Planning your reception beverages
Words by Rebecca Mitchell
“Drink up!” Risky words if you have an open bar at your wedding reception. Did you buy enough booze? Is your selection what your guests will want to drink? Did you budget for an endless supply? And, most importantly, will your guests get home safely?
To successfully plan your reception beverages, you need to estimate consumption, provide options, determine your budget, and have a transportation plan.
Before figuring out your budget, estimate how many cases of wine, beer, and liquor you’ll need for the event. A good rule of thumb is to assume each guest will consume about two drinks during the cocktail hour and one drink per hour every hour after that.
For wine, count on pouring four glasses from one bottle, with twelve bottles in a case. For beer, a full keg translates to roughly fifteen and a half gallons or 165 twelve-ounce servings. Single-serving bottled beer is typically sold in cases of twenty-four. And for liquor, estimate eighteen mixed drinks per bottle. Don’t forget the mixers and extras, like tonic, orange juice, club soda, cranberry juice, drink mixes (pina colada, daiquiri, margarita), limes, olives, etc.
The time and length of your reception, plus the availability of beverages, will contribute to how many drinks guests will consume. Alcohol consumption rises the later an event begins. Guests will likely drink less at early-afternoon events compared with late-afternoon or evening events. For morning or early-afternoon events, have plenty of non-alcoholic options available.
The length of your reception is a critical variable to consider: The longer your reception, the more beverages your guests will enjoy. If a fully stocked bar is available, experts predict forty-five percent of your guests will drink mixed cocktails or hard liquor, thirty-five percent will drink wine, and twenty percent will drink beer. Obviously, if you narrow the choices, the demand for each will increase.
Great parties have great drink (and food) options, so for best results, give your guests several choices. Create a few signature cocktails that reflect your personalities or wedding theme. The choices are endless, so get creative! Find inspiration on Pinterest or by Googling “signature wedding cocktails.” (If you offer a couple signature cocktails, you can cut down on your mixed drink options.)
For your beer, wine, and mixed drink selection, consider a variety that will appeal to many people. Keep it simple, as trying to please too many tastes with too many options can backfire. Go with the crowd-pleasers.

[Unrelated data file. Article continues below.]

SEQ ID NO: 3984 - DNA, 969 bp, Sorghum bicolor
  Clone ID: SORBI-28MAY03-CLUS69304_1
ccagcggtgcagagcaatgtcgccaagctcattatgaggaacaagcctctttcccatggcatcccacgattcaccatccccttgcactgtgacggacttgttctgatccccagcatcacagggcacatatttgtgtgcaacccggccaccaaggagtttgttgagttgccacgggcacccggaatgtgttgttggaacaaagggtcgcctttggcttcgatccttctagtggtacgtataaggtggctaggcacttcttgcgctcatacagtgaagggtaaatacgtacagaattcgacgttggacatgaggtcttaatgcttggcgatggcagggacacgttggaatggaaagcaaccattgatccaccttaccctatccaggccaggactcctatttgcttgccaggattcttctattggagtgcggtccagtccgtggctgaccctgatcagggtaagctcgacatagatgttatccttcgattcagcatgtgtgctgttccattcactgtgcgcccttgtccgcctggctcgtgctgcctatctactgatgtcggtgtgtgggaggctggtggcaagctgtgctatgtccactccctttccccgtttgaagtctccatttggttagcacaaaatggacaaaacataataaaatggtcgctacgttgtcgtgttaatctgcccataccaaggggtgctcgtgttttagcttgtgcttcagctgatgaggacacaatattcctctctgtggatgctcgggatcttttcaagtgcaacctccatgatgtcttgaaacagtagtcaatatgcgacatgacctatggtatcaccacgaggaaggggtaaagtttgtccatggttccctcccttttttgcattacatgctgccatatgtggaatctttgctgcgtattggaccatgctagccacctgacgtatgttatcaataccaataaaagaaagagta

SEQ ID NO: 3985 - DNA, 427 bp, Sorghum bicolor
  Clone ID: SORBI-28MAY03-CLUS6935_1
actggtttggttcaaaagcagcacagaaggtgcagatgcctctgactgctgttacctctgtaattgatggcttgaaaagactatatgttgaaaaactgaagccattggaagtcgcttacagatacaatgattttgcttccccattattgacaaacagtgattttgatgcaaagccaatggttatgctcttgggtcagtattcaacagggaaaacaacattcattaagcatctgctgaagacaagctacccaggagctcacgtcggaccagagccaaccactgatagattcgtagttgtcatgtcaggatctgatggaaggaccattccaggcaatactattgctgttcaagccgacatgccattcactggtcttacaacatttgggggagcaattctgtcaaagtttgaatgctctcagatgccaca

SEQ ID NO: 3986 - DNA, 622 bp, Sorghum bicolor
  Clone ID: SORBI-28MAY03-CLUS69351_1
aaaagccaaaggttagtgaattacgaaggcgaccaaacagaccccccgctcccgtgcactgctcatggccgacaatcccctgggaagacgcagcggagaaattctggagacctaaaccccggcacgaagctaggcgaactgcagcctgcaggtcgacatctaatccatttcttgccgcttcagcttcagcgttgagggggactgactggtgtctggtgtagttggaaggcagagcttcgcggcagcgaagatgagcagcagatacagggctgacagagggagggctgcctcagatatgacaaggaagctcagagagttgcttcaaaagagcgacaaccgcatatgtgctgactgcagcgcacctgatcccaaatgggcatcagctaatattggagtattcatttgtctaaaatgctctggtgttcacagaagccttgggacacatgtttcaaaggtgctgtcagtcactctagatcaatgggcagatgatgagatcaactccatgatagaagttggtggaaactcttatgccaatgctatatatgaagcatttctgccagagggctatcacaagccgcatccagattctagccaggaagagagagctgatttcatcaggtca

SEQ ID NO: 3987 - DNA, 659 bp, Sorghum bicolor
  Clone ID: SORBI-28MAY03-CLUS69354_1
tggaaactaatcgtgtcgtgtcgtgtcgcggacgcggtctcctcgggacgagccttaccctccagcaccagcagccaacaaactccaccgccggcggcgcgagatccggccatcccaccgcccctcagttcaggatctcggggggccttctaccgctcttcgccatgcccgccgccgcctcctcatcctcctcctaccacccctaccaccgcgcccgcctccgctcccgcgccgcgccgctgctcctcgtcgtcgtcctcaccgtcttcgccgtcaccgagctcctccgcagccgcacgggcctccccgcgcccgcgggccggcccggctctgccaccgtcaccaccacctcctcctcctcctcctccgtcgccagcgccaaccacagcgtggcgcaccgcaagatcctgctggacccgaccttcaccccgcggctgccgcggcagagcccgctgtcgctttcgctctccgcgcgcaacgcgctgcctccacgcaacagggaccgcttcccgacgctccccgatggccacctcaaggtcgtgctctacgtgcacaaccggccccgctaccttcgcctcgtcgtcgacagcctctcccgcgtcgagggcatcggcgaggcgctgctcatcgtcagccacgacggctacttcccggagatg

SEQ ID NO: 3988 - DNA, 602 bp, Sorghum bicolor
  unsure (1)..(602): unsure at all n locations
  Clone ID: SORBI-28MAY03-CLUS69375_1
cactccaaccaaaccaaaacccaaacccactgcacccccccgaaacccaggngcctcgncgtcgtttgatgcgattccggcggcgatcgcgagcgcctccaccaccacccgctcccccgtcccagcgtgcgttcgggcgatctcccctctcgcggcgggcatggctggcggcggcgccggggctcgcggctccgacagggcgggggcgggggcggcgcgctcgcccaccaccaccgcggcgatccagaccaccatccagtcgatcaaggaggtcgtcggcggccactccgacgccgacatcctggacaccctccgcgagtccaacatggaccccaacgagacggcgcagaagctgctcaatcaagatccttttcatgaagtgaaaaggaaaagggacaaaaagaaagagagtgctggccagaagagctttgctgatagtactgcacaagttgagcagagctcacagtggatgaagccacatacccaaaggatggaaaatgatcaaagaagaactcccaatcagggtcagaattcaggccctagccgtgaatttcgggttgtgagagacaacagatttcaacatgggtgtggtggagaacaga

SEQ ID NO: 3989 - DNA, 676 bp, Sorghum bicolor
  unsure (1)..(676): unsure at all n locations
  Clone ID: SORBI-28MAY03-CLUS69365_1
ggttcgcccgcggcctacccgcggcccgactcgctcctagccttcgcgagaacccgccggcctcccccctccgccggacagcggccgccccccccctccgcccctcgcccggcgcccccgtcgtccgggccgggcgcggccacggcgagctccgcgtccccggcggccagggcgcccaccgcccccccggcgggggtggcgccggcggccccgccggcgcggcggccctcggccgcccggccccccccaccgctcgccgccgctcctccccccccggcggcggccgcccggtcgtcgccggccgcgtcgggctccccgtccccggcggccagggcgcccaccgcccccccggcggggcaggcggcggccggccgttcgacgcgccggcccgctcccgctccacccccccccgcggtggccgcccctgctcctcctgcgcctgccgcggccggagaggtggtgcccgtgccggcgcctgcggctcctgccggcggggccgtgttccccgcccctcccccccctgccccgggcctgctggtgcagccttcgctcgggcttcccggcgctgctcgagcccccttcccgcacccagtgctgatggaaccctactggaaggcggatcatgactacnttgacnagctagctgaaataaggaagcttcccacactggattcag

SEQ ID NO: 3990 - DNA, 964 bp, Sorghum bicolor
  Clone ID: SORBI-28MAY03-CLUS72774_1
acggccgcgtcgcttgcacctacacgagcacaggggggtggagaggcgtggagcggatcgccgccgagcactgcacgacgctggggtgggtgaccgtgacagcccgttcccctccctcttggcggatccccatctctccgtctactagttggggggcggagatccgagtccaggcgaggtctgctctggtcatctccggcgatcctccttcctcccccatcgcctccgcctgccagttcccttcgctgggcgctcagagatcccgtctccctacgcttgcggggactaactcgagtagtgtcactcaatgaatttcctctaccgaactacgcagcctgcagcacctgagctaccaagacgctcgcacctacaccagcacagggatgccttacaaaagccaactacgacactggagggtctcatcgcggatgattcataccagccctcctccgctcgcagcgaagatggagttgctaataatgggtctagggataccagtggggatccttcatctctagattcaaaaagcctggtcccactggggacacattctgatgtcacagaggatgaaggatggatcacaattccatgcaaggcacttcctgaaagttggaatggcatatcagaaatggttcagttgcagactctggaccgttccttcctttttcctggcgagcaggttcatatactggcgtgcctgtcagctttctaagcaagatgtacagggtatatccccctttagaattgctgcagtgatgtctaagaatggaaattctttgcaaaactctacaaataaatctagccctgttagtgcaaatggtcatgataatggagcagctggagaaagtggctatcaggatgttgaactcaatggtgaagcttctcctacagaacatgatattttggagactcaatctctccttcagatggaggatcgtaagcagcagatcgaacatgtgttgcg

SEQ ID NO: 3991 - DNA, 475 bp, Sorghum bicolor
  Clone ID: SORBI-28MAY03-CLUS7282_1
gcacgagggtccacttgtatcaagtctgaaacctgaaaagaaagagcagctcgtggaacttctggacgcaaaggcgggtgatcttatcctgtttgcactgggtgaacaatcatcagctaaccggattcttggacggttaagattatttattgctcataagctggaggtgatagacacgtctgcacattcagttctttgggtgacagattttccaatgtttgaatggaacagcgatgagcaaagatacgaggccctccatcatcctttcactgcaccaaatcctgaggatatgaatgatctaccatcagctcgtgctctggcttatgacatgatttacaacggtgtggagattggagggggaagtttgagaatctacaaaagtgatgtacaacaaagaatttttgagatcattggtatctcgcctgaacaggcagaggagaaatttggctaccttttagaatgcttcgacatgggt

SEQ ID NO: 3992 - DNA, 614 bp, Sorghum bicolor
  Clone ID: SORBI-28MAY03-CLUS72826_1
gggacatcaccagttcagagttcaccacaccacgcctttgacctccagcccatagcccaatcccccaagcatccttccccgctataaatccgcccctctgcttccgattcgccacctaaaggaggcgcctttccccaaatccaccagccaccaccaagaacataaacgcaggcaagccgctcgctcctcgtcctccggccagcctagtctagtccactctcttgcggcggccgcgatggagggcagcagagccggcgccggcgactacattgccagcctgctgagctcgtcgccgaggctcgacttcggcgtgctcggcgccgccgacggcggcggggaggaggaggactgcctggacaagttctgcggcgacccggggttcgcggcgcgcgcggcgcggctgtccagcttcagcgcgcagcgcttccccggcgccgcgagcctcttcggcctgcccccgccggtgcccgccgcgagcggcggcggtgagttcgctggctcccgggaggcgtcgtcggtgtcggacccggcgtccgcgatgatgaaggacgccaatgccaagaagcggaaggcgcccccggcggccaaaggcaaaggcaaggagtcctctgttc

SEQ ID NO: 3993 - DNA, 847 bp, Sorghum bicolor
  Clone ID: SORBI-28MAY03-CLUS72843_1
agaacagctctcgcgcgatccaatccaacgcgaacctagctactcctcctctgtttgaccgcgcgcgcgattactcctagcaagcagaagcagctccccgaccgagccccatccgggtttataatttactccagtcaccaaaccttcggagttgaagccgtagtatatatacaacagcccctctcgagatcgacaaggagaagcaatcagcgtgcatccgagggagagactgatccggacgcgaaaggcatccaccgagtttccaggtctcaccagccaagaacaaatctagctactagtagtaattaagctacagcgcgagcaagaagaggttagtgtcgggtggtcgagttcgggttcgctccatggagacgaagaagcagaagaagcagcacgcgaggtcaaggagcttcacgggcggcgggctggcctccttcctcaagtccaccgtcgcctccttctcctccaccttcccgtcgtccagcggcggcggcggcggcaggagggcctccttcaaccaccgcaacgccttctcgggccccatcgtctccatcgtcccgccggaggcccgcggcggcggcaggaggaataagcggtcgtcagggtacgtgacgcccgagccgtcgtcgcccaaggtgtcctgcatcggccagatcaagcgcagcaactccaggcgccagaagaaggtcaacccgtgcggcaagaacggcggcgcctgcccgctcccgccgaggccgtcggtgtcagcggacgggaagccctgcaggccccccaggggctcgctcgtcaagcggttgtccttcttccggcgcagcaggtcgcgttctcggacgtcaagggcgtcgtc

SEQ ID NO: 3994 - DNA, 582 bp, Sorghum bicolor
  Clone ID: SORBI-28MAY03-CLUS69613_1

Depending on the season and time of day, you may want to feature a hot chocolate bar and/or coffee and espresso bar with loads of extras like whipped cream, peppermint sticks, cinnamon sticks, and marshmallows. When it’s frosty in the Tetons, a customized hot beverage will hit the spot!
And no matter the season, don’t forget non-alcoholic drinks. Stock up on lemonade, tea, soft drinks, and water. For extra credit, offer non-alcoholic mixed drinks, old-time root beet or cream soda, and sparkling seltzers with fresh fruit garnishes.
Determine a Budget
For a modified full bar, experts broadly estimate that for every twenty-five guests you will need seventeen bottles of beer, four bottles of wine, one bottle of liquor, and fourteen non-alcoholic beverages per hour. Based on your guest list numbers (and the factors mentioned in “Estimate Consumption”), calculate a rough figure.
Include an allowance for bartending staff and tips (a nice tip is twenty percent of bar costs). For quick and adequate service, hire one bartender for every fifty guests. Your caterer, venue, or wedding planner can help you find experienced bartenders. Be sure to use experienced ones as inexperience can lead to “large pours” and might throw off your estimates.
Not to be Debbie Downer, but you might want to consider budgeting for event insurance that will cover any alcohol-related liability. If you are providing your own alcohol—outside of a catering company—you’re likely not going to be covered by your caterer’s liquor liability policy. Check with your insurance carrier and determine if it’s something you want to purchase.
Don’t forget to factor in the cost of your transportation plan. It can be part of your wedding beverage budget or a separate line item in your overall wedding budget.
Have a Transportation Plan
If you’re serving alcohol at your reception, consider providing guests transportation to and from your reception. Use a couple of options on an hourly basis: an Uber-like service that can drive local guests to their homes, and a hotel shuttle-type service to drive guests to a few pre-determined hotels. Don’t forget to budget in driver tips, which should be about fifteen to twenty percent of the bill (often conveniently added to your total in advance). There are many experienced transportation companies in the Jackson and Teton Valley areas that can help with the logistics. See our Resource Guide on jacksonholewedding.com for suggestions.